7/10/2008 – Printed in the NATIONAL section of The St Petersburg Times Newspaper
Since the fifth grade, I have had summer reading lists. My early lists were handed to me by my teachers, the books including classics such as Jane Eyre, Mill on the Floss, Wuthering Heights, Main Street, The House of the Seven Gables and Robinson Crusoe. Some of the works, Mill on the Floss most notably, were rough going. I suffered through them because my teachers insisted that they were “good” for me.
But my teachers didn’t know I had a secret reading life. My father, a sanitation worker, brought home discarded comic books, magazines, newspapers and pulps such as Black Mask, Dime Detective and Detective Fiction Weekly. And my grandfather, a pastor, gave me a color-illustrated Bible, which I read with great pleasure and awe.
One evening, my father plunked a copy of Reading for Pleasure, Bennett Cerf’s anthology of select writings, on the coffee table. The red and black book with gold lettering caught my attention. It was 769 pages, and the word “pleasure” in the title intrigued me. I was familiar with Cerf, the wittiest player on What’s My Line?, a popular CBS television quiz show. He also was a co-founder and publisher of Random House.
Reading for Pleasure was a portable library of great writers. A few weeks ago, as I organized my books at home, I dusted off that old copy of Reading for Pleasure.
When had I last opened it? On the first page of the “Introduction,” I had underlined, so many years ago, Cerf’s words: “This book is a guided tour of some of the high spots I’ve encountered in a lifetime of reading. … This is not a collection of pieces you ought to enjoy … but pieces you will enjoy. I will stake my reputation as a publisher, a columnist, and an editor on that!”
As a child, I had taken Cerf at his word and plunged into the book. Now, thumbing through the work nearly 50 years later, I see that I had underlined enjoyable passages in each selection. Following are five samples.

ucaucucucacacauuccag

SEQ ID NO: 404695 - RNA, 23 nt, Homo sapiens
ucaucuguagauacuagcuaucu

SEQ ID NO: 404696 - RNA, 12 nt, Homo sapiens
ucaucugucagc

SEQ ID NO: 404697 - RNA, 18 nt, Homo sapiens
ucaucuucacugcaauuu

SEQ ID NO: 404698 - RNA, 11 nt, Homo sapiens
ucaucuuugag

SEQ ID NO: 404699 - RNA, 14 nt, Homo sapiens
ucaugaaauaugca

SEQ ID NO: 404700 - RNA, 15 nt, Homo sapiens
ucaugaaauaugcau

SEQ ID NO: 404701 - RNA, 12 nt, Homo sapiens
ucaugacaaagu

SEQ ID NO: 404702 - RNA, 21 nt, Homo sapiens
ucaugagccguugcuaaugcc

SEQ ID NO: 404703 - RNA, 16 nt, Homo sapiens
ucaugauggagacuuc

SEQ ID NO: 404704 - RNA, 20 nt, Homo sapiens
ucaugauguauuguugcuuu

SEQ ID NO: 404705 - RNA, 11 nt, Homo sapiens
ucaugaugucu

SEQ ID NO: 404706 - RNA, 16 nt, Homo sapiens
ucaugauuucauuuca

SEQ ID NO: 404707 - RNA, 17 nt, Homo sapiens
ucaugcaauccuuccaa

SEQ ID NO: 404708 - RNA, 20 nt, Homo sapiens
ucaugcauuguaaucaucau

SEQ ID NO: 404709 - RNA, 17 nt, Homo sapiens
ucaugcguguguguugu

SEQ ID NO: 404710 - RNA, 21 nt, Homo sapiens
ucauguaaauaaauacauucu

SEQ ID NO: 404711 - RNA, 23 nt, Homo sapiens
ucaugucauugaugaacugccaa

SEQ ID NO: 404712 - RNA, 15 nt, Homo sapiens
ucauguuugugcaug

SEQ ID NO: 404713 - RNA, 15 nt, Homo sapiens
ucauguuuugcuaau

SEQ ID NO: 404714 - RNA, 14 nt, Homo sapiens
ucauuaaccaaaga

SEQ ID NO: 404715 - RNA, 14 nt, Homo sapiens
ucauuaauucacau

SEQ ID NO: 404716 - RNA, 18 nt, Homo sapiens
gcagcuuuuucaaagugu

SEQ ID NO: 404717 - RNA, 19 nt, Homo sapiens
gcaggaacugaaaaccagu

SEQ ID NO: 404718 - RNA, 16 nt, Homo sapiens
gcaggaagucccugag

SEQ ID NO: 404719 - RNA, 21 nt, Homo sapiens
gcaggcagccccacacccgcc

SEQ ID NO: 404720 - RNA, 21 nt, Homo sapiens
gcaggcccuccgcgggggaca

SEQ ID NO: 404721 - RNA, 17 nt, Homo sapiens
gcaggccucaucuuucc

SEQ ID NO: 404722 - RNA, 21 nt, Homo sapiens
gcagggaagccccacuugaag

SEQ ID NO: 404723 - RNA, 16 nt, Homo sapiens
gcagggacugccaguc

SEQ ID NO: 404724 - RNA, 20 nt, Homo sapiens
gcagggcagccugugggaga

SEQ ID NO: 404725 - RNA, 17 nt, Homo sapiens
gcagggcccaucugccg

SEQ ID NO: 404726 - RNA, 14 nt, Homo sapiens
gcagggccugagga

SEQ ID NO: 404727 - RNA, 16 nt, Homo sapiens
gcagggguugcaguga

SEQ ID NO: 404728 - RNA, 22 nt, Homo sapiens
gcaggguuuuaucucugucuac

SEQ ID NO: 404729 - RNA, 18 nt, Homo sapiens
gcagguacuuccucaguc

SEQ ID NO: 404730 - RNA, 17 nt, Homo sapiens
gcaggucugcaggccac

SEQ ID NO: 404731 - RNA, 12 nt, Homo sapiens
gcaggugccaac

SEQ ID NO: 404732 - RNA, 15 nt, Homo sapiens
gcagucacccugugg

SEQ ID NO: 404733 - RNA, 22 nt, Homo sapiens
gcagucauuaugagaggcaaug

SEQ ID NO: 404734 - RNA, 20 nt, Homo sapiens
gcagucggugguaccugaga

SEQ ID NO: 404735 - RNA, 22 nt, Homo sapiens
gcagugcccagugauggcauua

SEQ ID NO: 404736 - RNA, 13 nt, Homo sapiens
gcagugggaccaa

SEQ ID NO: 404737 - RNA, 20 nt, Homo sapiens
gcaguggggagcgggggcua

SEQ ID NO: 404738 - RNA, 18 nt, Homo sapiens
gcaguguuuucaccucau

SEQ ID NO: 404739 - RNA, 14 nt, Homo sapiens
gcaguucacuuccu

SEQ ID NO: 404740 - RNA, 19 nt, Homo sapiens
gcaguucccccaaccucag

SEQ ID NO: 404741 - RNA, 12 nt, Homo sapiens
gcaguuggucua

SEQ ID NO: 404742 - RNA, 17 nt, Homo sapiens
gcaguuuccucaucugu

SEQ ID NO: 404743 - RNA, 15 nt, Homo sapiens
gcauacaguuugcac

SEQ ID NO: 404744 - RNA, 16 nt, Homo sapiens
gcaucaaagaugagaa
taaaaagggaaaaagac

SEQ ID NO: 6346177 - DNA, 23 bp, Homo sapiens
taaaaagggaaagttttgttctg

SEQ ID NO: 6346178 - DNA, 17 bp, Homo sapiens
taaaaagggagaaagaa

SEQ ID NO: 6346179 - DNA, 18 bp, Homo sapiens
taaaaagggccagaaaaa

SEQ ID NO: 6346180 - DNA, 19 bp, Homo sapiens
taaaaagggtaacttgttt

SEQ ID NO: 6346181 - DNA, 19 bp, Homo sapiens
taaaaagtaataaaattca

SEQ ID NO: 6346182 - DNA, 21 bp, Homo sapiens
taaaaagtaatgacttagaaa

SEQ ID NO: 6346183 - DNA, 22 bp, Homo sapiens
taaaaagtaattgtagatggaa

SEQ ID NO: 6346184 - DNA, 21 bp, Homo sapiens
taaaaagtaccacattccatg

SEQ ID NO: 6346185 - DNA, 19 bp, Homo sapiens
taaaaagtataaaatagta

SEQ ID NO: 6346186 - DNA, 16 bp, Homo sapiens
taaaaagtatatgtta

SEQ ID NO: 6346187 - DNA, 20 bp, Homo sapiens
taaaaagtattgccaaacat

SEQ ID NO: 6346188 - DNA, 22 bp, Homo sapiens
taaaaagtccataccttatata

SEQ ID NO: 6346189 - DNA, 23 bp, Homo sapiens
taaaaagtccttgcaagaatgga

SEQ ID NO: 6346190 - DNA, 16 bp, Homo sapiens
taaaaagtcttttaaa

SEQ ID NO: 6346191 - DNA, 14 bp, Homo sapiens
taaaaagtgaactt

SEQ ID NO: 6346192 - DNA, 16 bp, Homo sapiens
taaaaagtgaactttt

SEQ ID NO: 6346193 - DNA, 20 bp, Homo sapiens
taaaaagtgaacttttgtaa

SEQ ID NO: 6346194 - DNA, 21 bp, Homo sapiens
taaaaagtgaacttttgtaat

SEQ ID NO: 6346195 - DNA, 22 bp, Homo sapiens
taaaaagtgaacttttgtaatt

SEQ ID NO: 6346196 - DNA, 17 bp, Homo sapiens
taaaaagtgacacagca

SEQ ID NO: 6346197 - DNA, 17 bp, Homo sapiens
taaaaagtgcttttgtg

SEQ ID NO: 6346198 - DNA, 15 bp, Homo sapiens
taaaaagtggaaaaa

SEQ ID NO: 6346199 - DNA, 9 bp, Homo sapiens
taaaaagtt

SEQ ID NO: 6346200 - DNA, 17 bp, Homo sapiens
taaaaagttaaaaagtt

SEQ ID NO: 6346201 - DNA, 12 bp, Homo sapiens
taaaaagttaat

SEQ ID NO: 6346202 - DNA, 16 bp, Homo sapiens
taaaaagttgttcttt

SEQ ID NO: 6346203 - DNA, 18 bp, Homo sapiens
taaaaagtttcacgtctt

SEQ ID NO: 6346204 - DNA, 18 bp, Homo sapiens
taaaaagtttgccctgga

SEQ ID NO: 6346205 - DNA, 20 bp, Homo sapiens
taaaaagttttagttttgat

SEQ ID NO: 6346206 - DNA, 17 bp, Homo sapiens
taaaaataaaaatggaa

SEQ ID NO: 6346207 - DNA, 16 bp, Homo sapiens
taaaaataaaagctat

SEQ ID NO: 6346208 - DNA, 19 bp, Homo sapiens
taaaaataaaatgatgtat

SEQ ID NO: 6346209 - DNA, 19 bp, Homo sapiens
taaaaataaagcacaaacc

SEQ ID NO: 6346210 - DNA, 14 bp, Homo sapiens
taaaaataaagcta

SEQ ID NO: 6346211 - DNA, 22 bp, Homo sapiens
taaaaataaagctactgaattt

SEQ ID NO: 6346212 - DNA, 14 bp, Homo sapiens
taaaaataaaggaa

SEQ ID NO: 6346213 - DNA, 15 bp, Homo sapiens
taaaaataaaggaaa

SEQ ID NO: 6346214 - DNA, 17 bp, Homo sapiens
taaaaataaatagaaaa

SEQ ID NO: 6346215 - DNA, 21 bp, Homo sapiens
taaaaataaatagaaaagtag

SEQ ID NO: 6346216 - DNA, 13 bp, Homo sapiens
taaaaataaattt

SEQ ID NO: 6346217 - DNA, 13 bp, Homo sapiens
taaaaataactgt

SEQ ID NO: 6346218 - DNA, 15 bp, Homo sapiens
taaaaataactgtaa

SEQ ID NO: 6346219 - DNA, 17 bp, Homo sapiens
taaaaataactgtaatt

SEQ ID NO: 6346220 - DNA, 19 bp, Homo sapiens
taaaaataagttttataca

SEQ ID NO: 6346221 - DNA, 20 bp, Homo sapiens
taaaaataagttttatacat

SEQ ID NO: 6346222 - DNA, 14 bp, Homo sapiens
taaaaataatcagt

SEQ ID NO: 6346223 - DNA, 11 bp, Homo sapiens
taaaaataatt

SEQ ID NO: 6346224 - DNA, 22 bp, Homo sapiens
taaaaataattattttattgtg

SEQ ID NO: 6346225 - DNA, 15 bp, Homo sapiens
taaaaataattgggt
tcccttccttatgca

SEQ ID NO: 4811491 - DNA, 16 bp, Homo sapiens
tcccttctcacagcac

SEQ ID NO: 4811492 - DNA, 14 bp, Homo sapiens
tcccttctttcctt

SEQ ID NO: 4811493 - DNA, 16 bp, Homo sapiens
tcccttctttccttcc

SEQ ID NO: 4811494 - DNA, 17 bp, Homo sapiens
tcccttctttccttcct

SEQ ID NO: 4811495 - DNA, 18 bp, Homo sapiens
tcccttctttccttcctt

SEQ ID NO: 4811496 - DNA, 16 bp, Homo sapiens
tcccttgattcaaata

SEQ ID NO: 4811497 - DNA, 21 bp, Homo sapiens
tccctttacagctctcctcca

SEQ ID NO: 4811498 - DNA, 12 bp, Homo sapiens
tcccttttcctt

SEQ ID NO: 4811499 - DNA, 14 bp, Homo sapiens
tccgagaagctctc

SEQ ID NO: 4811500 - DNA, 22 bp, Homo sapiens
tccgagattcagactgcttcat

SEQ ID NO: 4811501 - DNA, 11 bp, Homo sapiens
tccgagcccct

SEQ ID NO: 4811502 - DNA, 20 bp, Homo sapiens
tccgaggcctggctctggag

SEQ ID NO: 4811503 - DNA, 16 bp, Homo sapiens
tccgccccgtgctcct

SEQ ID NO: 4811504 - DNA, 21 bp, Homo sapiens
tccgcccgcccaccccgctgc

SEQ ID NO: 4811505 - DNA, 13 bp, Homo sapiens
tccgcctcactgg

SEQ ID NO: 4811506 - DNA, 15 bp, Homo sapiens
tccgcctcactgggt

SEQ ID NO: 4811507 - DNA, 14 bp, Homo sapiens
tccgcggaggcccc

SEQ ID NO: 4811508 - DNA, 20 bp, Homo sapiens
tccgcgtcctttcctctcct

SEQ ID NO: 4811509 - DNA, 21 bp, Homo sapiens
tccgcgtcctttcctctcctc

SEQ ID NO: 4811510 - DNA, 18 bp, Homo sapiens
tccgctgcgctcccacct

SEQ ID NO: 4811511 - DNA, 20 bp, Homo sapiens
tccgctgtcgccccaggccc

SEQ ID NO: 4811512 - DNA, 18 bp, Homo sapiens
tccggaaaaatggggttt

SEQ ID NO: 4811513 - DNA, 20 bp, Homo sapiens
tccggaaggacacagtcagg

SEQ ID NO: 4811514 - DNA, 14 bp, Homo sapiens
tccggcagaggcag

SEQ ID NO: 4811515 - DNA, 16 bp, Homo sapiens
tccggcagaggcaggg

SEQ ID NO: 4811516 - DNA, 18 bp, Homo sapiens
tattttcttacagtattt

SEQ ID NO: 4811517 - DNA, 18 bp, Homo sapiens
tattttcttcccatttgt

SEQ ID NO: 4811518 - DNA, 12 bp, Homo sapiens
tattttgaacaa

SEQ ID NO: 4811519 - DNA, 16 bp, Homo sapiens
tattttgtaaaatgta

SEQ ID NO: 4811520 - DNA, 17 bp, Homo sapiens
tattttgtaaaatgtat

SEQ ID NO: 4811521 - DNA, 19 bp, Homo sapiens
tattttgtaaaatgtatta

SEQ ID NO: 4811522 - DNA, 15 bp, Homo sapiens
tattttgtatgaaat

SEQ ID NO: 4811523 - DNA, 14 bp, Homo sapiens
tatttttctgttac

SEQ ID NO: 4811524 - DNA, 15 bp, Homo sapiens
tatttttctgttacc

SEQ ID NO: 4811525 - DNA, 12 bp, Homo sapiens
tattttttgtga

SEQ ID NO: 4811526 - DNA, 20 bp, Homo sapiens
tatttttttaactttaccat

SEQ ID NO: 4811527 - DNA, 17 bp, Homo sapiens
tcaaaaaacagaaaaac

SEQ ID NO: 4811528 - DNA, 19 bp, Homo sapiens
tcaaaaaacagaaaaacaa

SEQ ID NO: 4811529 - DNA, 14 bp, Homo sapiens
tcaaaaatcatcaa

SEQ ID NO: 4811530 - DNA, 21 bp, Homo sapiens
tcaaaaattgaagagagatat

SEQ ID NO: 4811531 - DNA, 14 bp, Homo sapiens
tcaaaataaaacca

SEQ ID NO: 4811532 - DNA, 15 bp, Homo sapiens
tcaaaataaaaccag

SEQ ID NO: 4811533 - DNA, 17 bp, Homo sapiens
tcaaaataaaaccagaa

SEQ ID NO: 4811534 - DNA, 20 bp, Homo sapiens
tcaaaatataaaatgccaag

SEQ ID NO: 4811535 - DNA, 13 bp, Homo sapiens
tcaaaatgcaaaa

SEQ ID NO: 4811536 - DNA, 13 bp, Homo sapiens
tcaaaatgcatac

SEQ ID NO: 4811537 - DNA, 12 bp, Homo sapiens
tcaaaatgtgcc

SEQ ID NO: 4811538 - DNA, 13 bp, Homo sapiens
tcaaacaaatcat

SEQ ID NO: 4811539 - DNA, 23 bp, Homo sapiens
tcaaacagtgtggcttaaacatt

Love in Wartime, Irwin Shaw: “The trains were dank and smelly with the ghost of the rain that the riders had brought in with them from the streets above. There was a taste of iron in the unchanging air and the bosomy girls who advertised toothpaste and laxatives and brassieres on the garish cards seemed foolish and improbable in the light of the dusty lamps.”
Indian Summer of a Forsyte, John Galsworthy: “She would understand that he just wanted to give her a little pleasure; for the idea that she should guess he had this itch to see her was instinctively unpleasant to him; it was not seemly that one so old should go out of his way to see beauty, especially in a woman.”
Mr. Morgan, James Michener: “We never understood what he did with his time. He didn’t write. He never read books. He didn’t like to fish nor did he sit and yarn with people about old times. He was a man who lived entirely within himself. He did not even take pleasure in his glowing wahine, who always walked five steps behind him when they went to the beach for a swim.”
A Table at Ciro’s, Budd Schulberg: “Under the table a small, slender leg moved slowly, with a surreptitious life of its own, until it pressed meaningfully against his. Jenny had never slept with anybody except Bill. She was frightened, but not as frightened as she was of living the rest of her life in Hollywood as the wife of a grip in a bungalow court.”
Auntie Mame and the Southern Belle, Patrick Dennis: “The bride was presented officially to her new relatives when they appeared en masse at a giant barbecue the following Sunday. At noon we were on the veranda. Auntie Mame was looking lovely and fragile in yellowed dotted swiss with a big leghorn hat, and Uncle Beau stood next to her in his ice cream suit, proud as a peacock.”
My hope here was to convey that we should provide ways for children to read for pleasure. One effective way, as my father did, is to place a large variety of interesting works around children for them to discover what they enjoy reading on their own.
Pleasure is the key. Acclaimed author Philip Pullman says it best: “Pleasure is not a frivolous extra, but the very heart and essence of what reading is all about.”